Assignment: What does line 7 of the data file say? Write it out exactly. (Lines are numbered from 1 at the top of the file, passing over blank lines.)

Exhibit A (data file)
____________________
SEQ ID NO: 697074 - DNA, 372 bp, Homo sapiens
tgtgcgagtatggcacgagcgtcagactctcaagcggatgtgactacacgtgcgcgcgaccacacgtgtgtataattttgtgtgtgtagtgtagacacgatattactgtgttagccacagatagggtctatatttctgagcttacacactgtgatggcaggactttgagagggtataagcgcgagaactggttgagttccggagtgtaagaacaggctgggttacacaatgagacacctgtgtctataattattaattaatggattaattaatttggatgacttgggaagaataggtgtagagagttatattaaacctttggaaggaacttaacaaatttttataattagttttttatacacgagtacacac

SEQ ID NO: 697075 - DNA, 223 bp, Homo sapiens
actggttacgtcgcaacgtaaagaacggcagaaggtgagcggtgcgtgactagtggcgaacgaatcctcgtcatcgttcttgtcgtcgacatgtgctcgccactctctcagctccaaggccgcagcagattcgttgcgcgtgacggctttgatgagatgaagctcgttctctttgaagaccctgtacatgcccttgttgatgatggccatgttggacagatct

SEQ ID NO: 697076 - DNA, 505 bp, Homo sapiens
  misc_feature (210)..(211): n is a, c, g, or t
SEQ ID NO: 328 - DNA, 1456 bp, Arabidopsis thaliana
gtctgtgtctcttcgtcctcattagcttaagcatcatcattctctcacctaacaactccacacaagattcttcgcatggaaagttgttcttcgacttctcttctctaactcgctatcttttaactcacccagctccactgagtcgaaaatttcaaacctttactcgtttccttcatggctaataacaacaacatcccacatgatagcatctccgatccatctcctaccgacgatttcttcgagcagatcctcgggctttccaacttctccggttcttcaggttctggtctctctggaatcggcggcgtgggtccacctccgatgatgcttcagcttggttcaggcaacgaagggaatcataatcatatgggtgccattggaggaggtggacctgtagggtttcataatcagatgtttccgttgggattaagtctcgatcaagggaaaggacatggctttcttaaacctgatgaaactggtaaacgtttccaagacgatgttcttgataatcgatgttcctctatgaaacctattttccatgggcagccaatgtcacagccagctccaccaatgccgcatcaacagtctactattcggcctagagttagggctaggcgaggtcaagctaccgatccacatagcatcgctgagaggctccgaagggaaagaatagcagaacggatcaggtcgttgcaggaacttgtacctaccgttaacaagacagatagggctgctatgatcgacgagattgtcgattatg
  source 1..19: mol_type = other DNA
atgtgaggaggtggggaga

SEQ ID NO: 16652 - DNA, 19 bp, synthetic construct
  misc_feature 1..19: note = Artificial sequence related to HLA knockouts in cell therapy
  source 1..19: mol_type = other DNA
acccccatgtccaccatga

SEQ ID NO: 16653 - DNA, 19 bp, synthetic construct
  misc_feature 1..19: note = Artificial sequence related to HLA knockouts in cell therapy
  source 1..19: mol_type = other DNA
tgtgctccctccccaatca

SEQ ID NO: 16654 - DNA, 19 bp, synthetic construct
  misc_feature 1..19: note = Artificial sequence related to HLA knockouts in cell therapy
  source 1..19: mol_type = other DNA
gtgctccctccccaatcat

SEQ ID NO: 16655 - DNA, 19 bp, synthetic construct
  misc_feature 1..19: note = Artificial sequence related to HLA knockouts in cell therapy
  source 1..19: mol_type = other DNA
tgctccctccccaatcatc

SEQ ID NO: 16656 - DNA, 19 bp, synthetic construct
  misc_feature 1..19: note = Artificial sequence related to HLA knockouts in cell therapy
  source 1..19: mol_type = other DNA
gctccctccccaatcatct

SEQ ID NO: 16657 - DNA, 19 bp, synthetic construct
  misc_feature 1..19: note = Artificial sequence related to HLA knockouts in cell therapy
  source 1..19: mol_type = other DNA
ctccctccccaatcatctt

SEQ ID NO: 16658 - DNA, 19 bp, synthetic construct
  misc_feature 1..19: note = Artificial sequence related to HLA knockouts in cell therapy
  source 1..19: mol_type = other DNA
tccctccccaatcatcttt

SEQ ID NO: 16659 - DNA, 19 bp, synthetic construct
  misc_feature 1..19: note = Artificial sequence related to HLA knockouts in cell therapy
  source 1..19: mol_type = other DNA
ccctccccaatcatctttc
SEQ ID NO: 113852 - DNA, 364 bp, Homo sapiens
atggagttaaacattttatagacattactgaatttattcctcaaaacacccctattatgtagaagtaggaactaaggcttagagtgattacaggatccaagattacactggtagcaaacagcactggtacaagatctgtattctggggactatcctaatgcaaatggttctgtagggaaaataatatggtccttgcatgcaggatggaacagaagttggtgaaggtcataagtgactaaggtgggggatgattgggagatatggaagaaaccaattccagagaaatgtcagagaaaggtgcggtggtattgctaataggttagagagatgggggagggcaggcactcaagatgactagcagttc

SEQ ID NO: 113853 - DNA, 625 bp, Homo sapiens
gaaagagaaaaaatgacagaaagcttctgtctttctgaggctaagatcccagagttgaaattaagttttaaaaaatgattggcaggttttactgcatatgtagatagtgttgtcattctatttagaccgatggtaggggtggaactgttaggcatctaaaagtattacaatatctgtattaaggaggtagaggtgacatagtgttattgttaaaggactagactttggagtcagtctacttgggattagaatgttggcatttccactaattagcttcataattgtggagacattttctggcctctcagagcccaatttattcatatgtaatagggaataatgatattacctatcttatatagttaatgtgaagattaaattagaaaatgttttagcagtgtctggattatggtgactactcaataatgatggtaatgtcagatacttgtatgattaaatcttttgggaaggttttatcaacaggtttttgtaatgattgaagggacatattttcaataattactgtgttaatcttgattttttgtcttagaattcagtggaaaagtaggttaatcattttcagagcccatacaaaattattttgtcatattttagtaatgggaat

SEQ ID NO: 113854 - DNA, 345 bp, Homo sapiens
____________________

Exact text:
SEQ ID NO: 328 - DNA, 1456 bp, Arabidopsis thaliana